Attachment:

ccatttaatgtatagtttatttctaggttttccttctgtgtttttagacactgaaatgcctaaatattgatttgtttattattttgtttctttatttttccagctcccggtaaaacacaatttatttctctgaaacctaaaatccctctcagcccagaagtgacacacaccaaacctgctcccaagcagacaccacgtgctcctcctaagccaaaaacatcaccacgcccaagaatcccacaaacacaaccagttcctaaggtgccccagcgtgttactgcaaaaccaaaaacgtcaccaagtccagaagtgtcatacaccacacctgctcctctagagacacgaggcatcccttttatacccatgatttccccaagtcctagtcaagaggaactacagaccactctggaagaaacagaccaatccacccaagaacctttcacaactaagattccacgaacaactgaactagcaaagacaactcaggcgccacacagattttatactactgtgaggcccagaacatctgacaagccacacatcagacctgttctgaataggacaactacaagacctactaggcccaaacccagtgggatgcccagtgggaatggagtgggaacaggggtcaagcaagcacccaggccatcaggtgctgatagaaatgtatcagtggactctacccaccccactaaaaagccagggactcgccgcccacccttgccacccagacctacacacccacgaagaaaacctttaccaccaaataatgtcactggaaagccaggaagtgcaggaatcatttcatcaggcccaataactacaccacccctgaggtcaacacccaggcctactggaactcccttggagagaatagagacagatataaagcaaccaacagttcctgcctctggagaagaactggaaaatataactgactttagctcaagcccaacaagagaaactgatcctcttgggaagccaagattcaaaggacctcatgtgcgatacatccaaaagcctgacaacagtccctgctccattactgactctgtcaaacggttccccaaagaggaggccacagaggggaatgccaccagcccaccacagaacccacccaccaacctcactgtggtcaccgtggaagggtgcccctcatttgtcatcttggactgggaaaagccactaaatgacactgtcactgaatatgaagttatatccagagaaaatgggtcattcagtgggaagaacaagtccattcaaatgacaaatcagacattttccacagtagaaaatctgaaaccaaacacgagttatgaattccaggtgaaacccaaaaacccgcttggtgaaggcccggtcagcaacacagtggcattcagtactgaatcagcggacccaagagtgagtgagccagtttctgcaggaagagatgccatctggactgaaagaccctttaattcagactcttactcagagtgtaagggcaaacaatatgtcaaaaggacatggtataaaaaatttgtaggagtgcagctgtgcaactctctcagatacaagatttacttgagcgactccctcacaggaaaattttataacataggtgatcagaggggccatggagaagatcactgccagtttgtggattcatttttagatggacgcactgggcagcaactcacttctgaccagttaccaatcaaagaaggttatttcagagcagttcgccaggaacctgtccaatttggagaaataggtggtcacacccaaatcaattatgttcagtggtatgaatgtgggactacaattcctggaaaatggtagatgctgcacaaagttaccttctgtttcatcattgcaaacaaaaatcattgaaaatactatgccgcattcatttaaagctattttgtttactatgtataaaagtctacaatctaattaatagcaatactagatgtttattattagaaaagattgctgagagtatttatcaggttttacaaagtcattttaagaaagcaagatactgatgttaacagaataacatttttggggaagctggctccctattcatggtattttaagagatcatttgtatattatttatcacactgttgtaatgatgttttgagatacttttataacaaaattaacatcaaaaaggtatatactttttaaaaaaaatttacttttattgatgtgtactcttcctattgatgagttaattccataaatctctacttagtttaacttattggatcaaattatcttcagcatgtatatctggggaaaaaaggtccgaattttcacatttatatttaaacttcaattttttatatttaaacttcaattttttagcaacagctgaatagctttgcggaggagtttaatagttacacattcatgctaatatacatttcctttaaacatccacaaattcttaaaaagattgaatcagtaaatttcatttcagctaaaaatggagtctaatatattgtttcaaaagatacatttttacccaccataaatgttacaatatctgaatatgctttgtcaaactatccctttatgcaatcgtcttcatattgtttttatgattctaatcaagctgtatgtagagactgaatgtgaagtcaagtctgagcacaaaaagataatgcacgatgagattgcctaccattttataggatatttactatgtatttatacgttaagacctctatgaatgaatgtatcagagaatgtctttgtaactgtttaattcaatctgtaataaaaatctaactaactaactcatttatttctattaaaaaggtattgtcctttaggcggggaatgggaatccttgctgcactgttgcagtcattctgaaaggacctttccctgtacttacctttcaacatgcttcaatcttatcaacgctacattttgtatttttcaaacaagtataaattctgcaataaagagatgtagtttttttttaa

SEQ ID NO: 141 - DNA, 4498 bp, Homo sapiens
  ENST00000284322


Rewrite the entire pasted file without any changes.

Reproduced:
ccatttaatgtatagtttatttctaggttttccttctgtgtttttagacactgaaatgcctaaatattgatttgtttattattttgtttctttatttttccagctcccggtaaaacacaatttatttctctgaaacctaaaatccctctcagcccagaagtgacacacaccaaacctgctcccaagcagacaccacgtgctcctcctaagccaaaaacatcaccacgcccaagaatcccacaaacacaaccagttcctaaggtgccccagcgtgttactgcaaaaccaaaaacgtcaccaagtccagaagtgtcatacaccacacctgctcctctagagacacgaggcatcccttttatacccatgatttccccaagtcctagtcaagaggaactacagaccactctggaagaaacagaccaatccacccaagaacctttcacaactaagattccacgaacaactgaactagcaaagacaactcaggcgccacacagattttatactactgtgaggcccagaacatctgacaagccacacatcagacctgttctgaataggacaactacaagacctactaggcccaaacccagtgggatgcccagtgggaatggagtgggaacaggggtcaagcaagcacccaggccatcaggtgctgatagaaatgtatcagtggactctacccaccccactaaaaagccagggactcgccgcccacccttgccacccagacctacacacccacgaagaaaacctttaccaccaaataatgtcactggaaagccaggaagtgcaggaatcatttcatcaggcccaataactacaccacccctgaggtcaacacccaggcctactggaactcccttggagagaatagagacagatataaagcaaccaacagttcctgcctctggagaagaactggaaaatataactgactttagctcaagcccaacaagagaaactgatcctcttgggaagccaagattcaaaggacctcatgtgcgatacatccaaaagcctgacaacagtccctgctccattactgactctgtcaaacggttccccaaagaggaggccacagaggggaatgccaccagcccaccacagaacccacccaccaacctcactgtggtcaccgtggaagggtgcccctcatttgtcatcttggactgggaaaagccactaaatgacactgtcactgaatatgaagttatatccagagaaaatgggtcattcagtgggaagaacaagtccattcaaatgacaaatcagacattttccacagtagaaaatctgaaaccaaacacgagttatgaattccaggtgaaacccaaaaacccgcttggtgaaggcccggtcagcaacacagtggcattcagtactgaatcagcggacccaagagtgagtgagccagtttctgcaggaagagatgccatctggactgaaagaccctttaattcagactcttactcagagtgtaagggcaaacaatatgtcaaaaggacatggtataaaaaatttgtaggagtgcagctgtgcaactctctcagatacaagatttacttgagcgactccctcacaggaaaattttataacataggtgatcagaggggccatggagaagatcactgccagtttgtggattcatttttagatggacgcactgggcagcaactcacttctgaccagttaccaatcaaagaaggttatttcagagcagttcgccaggaacctgtccaatttggagaaataggtggtcacacccaaatcaattatgttcagtggtatgaatgtgggactacaattcctggaaaatggtagatgctgcacaaagttaccttctgtttcatcattgcaaacaaaaatcattgaaaatactatgccgcattcatttaaagctattttgtttactatgtataaaagtctacaatctaattaatagcaatactagatgtttattattagaaaagattgctgagagtatttatcaggttttacaaagtcattttaagaaagcaagatactgatgttaacagaataacatttttggggaagctggctccctattcatggtattttaagagatcatttgtatattatttatcacactgttgtaatgatgttttgagatacttttataacaaaattaacatcaaaaaggtatatactttttaaaaaaaatttacttttattgatgtgtactcttcctattgatgagttaattccataaatctctacttagtttaacttattggatcaaattatcttcagcatgtatatctggggaaaaaaggtccgaattttcacatttatatttaaacttcaattttttatatttaaacttcaattttttagcaacagctgaatagctttgcggaggagtttaatagttacacattcatgctaatatacatttcctttaaacatccacaaattcttaaaaagattgaatcagtaaatttcatttcagctaaaaatggagtctaatatattgtttcaaaagatacatttttacccaccataaatgttacaatatctgaatatgctttgtcaaactatccctttatgcaatcgtcttcatattgtttttatgattctaatcaagctgtatgtagagactgaatgtgaagtcaagtctgagcacaaaaagataatgcacgatgagattgcctaccattttataggatatttactatgtatttatacgttaagacctctatgaatgaatgtatcagagaatgtctttgtaactgtttaattcaatctgtaataaaaatctaactaactaactcatttatttctattaaaaaggtattgtcctttaggcggggaatgggaatccttgctgcactgttgcagtcattctgaaaggacctttccctgtacttacctttcaacatgcttcaatcttatcaacgctacattttgtatttttcaaacaagtataaattctgcaataaagagatgtagtttttttttaa

SEQ ID NO: 141 - DNA, 4498 bp, Homo sapiens
  ENST00000284322